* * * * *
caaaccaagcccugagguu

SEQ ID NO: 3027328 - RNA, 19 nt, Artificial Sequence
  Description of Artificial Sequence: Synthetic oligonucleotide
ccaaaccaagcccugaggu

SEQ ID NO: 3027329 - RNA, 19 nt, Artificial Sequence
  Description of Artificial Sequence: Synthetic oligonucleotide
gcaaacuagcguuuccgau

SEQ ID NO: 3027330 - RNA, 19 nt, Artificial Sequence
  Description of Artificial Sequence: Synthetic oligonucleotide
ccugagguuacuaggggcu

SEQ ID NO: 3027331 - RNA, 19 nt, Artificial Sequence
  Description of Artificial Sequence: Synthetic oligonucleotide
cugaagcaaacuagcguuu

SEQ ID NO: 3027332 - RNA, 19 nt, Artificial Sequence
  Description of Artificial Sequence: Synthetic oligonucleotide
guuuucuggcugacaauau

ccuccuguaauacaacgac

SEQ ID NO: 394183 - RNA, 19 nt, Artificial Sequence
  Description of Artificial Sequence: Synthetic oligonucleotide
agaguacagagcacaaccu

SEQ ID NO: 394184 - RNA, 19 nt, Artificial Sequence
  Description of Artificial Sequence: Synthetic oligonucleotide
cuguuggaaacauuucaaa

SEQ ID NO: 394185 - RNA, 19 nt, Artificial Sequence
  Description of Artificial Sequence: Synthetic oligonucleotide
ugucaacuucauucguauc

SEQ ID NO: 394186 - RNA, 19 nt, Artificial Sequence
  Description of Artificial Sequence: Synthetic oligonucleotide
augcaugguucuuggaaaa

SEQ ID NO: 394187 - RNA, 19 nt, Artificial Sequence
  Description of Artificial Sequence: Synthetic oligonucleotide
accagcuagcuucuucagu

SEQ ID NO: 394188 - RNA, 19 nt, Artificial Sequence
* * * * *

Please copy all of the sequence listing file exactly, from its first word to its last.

caaaccaagcccugagguu

SEQ ID NO: 3027328 - RNA, 19 nt, Artificial Sequence
  Description of Artificial Sequence: Synthetic oligonucleotide
ccaaaccaagcccugaggu

SEQ ID NO: 3027329 - RNA, 19 nt, Artificial Sequence
  Description of Artificial Sequence: Synthetic oligonucleotide
gcaaacuagcguuuccgau

SEQ ID NO: 3027330 - RNA, 19 nt, Artificial Sequence
  Description of Artificial Sequence: Synthetic oligonucleotide
ccugagguuacuaggggcu

SEQ ID NO: 3027331 - RNA, 19 nt, Artificial Sequence
  Description of Artificial Sequence: Synthetic oligonucleotide
cugaagcaaacuagcguuu

SEQ ID NO: 3027332 - RNA, 19 nt, Artificial Sequence
  Description of Artificial Sequence: Synthetic oligonucleotide
guuuucuggcugacaauau

ccuccuguaauacaacgac

SEQ ID NO: 394183 - RNA, 19 nt, Artificial Sequence
  Description of Artificial Sequence: Synthetic oligonucleotide
agaguacagagcacaaccu

SEQ ID NO: 394184 - RNA, 19 nt, Artificial Sequence
  Description of Artificial Sequence: Synthetic oligonucleotide
cuguuggaaacauuucaaa

SEQ ID NO: 394185 - RNA, 19 nt, Artificial Sequence
  Description of Artificial Sequence: Synthetic oligonucleotide
ugucaacuucauucguauc

SEQ ID NO: 394186 - RNA, 19 nt, Artificial Sequence
  Description of Artificial Sequence: Synthetic oligonucleotide
augcaugguucuuggaaaa

SEQ ID NO: 394187 - RNA, 19 nt, Artificial Sequence
  Description of Artificial Sequence: Synthetic oligonucleotide
accagcuagcuucuucagu

SEQ ID NO: 394188 - RNA, 19 nt, Artificial Sequence